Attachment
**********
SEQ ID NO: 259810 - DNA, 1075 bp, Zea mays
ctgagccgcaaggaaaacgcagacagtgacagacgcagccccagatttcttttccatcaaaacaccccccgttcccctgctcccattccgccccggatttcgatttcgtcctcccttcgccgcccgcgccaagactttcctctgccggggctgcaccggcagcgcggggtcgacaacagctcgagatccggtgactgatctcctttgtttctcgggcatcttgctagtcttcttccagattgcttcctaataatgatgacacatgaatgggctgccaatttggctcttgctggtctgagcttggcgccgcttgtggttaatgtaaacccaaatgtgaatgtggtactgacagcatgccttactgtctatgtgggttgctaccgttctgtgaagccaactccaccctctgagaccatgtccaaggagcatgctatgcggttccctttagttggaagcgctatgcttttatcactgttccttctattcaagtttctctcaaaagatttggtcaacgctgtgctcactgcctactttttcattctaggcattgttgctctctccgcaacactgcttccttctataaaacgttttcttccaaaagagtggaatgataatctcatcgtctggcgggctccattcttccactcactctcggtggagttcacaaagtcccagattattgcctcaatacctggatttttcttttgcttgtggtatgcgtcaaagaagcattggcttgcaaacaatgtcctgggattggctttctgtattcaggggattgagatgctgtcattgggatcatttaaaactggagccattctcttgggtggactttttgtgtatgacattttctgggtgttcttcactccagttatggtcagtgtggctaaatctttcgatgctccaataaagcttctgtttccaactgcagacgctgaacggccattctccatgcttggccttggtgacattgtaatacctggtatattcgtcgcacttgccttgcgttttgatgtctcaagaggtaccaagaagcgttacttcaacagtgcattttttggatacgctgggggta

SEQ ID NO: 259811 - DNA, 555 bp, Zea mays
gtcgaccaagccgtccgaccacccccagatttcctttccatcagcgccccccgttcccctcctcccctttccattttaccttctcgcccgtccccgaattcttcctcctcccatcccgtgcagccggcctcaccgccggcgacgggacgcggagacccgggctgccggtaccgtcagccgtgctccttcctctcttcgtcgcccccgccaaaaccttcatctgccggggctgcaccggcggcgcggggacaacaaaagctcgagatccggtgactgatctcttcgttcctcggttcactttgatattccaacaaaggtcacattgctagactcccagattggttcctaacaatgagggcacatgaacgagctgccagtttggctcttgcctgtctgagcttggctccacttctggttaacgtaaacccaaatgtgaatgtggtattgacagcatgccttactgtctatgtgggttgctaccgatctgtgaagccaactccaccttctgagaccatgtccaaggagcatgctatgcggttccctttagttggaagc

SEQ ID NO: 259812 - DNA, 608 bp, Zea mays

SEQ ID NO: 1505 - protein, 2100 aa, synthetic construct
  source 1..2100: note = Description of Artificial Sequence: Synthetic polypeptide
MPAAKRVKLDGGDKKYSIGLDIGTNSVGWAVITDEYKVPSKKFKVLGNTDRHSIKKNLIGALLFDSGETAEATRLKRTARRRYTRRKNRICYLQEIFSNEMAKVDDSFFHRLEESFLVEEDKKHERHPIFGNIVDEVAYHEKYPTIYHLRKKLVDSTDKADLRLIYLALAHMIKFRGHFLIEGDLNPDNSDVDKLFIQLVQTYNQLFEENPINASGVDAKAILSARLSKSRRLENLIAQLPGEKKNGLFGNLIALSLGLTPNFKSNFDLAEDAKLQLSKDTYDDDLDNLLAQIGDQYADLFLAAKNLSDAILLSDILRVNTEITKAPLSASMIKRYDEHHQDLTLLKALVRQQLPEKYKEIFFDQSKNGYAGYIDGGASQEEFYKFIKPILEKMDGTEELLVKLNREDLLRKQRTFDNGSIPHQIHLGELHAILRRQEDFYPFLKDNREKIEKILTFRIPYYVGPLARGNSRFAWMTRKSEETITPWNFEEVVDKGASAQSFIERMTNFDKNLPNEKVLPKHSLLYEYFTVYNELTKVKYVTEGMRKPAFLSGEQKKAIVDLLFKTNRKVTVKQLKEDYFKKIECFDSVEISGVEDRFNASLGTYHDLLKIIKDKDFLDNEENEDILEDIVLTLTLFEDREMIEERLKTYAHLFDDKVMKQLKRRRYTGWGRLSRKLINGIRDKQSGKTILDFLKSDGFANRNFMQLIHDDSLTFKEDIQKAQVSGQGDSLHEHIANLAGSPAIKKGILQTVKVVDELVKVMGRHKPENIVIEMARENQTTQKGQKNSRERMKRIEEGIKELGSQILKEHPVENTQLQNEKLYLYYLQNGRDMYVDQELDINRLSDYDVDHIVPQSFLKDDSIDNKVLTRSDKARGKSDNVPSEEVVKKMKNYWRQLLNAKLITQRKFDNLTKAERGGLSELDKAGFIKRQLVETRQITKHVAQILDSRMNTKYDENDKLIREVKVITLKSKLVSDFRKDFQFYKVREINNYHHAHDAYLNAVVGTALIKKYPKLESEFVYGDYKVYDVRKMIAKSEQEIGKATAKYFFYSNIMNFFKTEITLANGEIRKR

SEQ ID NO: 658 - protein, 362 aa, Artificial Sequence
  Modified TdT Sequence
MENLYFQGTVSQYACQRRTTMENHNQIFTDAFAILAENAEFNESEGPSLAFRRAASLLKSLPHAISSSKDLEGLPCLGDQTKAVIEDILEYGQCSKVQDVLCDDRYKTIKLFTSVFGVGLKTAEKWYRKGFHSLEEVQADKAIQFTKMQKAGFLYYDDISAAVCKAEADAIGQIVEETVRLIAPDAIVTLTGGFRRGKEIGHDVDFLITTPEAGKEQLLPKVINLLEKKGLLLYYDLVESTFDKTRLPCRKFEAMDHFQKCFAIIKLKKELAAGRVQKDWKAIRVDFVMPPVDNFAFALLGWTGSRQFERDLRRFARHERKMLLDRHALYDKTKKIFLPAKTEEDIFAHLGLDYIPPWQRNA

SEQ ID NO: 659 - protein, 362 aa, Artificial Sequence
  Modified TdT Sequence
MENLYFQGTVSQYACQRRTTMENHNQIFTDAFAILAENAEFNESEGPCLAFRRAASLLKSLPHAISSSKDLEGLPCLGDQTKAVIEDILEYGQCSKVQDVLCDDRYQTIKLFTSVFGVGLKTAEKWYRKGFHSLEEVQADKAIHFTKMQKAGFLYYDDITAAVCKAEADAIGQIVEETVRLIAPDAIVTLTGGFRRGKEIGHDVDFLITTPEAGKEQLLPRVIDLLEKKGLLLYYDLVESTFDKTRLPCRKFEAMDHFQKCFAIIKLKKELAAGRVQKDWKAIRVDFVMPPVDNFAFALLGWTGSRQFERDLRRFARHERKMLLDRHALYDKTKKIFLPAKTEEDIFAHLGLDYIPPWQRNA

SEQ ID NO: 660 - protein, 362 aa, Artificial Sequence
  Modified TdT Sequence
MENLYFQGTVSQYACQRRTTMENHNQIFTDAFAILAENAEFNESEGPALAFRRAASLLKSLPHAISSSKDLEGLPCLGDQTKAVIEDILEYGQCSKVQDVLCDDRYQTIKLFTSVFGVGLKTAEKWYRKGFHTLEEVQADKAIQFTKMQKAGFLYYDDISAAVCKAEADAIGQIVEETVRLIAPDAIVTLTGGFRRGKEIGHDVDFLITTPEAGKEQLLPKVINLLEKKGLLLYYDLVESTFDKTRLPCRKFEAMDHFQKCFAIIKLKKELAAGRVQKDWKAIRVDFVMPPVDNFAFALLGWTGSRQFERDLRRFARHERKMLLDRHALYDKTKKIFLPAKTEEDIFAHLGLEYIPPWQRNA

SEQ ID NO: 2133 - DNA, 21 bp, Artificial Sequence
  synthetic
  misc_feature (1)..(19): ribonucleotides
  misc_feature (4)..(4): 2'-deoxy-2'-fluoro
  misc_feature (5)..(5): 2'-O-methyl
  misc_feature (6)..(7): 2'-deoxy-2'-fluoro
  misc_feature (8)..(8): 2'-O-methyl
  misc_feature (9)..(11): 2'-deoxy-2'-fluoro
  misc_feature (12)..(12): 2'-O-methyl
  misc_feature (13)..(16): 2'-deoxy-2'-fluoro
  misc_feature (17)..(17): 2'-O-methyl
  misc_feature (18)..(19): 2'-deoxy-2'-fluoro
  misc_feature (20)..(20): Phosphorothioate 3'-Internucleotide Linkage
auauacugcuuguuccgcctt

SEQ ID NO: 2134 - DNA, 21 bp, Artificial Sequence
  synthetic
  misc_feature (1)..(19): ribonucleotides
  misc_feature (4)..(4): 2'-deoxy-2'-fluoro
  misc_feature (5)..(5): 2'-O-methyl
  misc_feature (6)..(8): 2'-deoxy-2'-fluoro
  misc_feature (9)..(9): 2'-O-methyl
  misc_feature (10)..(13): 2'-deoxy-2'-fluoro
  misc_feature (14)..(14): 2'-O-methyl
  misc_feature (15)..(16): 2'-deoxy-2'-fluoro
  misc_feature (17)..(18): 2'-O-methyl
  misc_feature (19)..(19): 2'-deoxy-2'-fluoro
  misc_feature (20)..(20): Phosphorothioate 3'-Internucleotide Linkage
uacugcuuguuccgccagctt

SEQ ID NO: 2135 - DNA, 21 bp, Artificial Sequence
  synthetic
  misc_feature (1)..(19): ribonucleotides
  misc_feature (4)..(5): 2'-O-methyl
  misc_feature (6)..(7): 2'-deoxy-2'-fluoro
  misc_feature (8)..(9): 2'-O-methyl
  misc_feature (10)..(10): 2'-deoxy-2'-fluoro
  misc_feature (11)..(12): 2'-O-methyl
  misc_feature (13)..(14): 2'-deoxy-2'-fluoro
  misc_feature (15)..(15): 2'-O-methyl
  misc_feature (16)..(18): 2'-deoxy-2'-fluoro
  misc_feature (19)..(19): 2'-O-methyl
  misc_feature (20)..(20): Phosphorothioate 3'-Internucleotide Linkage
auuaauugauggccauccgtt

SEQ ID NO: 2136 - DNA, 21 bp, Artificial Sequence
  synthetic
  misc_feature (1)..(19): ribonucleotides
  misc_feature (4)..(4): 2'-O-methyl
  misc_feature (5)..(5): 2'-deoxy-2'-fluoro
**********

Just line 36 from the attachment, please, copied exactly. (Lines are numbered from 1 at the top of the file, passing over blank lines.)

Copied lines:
  misc_feature (5)..(5): 2'-O-methyl